Shifting Identities

In a twist on my younger self, I saw a joke recently about what you’d tell your eight year old self. Which reminded me of my mom and her collection of bells. Anybody who knew my mom knew she collected bells and if they wanted to get her a present, it would be a bell. My mom’s collection was getting out of control and she soon told people to stop.

We often associate topics or things or ideas to specific people and that becomes part of their personal brand identity. “Oh, you’re the person who likes bells” (or owls or whatever). Many in my personal life currently associate me with whisky or cocktails or fancy restaurants. (That last one is amusing if you knew how often I eat at McDonald’s.) And come birthday or Christmas time, it’s safe to say that I can expect something within those topics of interest.

In the web industry, I often shifted my topics of interest and as I talked about those new interests, I would gain a following within that new sphere. Over more than a decade, some people knew me as a designer, some knew me as a JavaScript developer, some as a CSS developer, some as a PHP developer, and maybe some even knew me as an ASP or ColdFusion developer.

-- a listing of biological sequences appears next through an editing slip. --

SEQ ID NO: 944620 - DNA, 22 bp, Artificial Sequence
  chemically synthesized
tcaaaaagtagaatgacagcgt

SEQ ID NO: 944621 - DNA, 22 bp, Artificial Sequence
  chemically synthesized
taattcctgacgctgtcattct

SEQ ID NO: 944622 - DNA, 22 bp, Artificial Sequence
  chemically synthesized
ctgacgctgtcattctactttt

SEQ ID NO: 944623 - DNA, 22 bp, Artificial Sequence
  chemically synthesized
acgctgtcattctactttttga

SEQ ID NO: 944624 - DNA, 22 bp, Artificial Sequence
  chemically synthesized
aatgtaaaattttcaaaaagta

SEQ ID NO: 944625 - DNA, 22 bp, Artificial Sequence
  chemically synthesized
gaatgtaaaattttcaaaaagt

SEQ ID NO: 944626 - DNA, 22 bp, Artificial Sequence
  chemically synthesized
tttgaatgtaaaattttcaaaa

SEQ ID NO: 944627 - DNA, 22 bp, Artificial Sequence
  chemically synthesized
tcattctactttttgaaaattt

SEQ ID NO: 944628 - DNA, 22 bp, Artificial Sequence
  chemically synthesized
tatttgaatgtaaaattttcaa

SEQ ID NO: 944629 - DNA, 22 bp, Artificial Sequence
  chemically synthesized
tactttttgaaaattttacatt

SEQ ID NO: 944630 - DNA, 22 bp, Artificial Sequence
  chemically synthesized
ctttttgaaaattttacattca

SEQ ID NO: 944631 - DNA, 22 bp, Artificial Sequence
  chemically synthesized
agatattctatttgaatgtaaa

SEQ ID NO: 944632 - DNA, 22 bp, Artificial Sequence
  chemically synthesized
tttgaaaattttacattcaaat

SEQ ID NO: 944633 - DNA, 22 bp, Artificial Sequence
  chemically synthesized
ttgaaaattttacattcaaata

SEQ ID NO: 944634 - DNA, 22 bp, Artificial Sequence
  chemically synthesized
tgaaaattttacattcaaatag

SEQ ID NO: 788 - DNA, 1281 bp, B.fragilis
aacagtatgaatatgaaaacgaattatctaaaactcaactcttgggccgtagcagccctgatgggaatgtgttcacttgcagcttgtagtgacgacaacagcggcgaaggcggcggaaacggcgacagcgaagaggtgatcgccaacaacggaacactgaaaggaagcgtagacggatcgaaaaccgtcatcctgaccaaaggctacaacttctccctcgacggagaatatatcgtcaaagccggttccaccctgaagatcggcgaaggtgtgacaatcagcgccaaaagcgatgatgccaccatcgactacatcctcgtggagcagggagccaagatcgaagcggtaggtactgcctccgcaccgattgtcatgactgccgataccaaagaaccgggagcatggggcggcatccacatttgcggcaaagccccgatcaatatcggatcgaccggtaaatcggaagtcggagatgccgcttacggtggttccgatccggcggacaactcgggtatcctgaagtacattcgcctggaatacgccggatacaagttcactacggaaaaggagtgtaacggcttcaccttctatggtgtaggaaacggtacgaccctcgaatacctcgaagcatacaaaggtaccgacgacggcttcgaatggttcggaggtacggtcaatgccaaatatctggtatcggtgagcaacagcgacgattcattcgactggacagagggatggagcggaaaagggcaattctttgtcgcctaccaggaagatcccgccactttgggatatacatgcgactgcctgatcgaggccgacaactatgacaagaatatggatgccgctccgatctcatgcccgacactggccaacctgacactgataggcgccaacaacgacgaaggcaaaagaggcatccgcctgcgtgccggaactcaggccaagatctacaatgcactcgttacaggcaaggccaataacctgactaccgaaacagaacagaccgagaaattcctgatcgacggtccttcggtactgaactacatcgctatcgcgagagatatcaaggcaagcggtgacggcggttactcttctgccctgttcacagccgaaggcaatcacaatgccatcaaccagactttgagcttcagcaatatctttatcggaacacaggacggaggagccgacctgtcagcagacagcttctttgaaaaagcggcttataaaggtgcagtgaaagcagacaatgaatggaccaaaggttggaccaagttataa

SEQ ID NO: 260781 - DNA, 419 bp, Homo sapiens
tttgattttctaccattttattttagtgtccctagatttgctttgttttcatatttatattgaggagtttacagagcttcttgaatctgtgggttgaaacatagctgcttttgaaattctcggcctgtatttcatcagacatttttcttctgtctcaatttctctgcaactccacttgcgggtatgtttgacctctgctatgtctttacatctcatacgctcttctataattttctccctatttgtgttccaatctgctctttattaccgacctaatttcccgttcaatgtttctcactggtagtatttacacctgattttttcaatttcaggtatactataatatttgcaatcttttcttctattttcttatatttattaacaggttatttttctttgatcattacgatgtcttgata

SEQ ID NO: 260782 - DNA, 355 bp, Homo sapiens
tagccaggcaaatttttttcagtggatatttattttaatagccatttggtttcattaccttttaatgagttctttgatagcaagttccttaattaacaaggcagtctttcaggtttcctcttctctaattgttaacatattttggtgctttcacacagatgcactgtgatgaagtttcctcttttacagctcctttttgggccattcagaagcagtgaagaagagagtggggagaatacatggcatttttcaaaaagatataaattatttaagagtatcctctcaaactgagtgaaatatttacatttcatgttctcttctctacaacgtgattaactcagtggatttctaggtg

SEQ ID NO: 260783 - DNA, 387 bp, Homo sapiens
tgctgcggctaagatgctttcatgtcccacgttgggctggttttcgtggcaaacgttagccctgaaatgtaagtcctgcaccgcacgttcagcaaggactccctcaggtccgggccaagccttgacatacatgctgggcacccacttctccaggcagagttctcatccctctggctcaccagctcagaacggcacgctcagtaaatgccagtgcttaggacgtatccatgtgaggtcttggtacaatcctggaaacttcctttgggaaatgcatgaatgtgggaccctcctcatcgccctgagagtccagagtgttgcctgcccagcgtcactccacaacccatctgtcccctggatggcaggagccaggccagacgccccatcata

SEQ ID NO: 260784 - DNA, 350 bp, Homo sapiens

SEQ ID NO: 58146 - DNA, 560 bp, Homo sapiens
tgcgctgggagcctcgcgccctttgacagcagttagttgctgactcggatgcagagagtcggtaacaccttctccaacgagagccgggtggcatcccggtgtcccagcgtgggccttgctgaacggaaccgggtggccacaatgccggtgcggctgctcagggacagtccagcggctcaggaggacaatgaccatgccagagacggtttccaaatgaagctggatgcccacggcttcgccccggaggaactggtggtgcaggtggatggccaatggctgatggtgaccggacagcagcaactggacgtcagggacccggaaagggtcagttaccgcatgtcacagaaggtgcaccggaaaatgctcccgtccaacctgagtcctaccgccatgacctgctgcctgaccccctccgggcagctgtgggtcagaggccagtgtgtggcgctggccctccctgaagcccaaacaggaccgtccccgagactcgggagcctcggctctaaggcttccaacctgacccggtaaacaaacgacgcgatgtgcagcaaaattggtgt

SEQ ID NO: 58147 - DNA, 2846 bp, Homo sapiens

Getting pigeon-holed as one particular thing often made me uncomfortable because I didn’t feel seen. My skill set is much broader and being called “just” anything felt constricting. Shifting my focus publicly reflected my different personal interests while ensuring an expanding broader audience (and maybe bring some people along for the ride, too).

When I went to work at Abstract, I had already started to step out of the limelight and wanted to avoid management and mentoring. I really just wanted a to-do list and quietly contribute. And yet, I was getting pigeon-holed into that mentorship and guidance role. Come employee review time, the one thing my co-workers requested was more of my opinion on architectural things.

There are benefits to being known for one thing. In our industry, some focus on just Node or Ruby or CSS or Design Systems. And as long as those topics are relevant, and you’re still enjoying it, the work can pour in. (Obvious caveats around marketing and economies, and so on.) I don’t doubt that my being known for one thing helped my employment.

Just be U

I’ve always enjoyed being more of a generalist while having a deep understanding of a number of topics—something I referred to as being U shaped instead of T shaped.

Know it all, or know one thing. Lead an industry in the limelight, or persist in a quiet career. Burn the candle at both ends, or slow and steady. Any and all are completely okay. Ultimately, there’s no right or wrong way to have a career.

While I enjoy one thing today, who knows what might capture my interest tomorrow… (Cracks open Xcode)

Published March 04, 2024
Categorized as Personal
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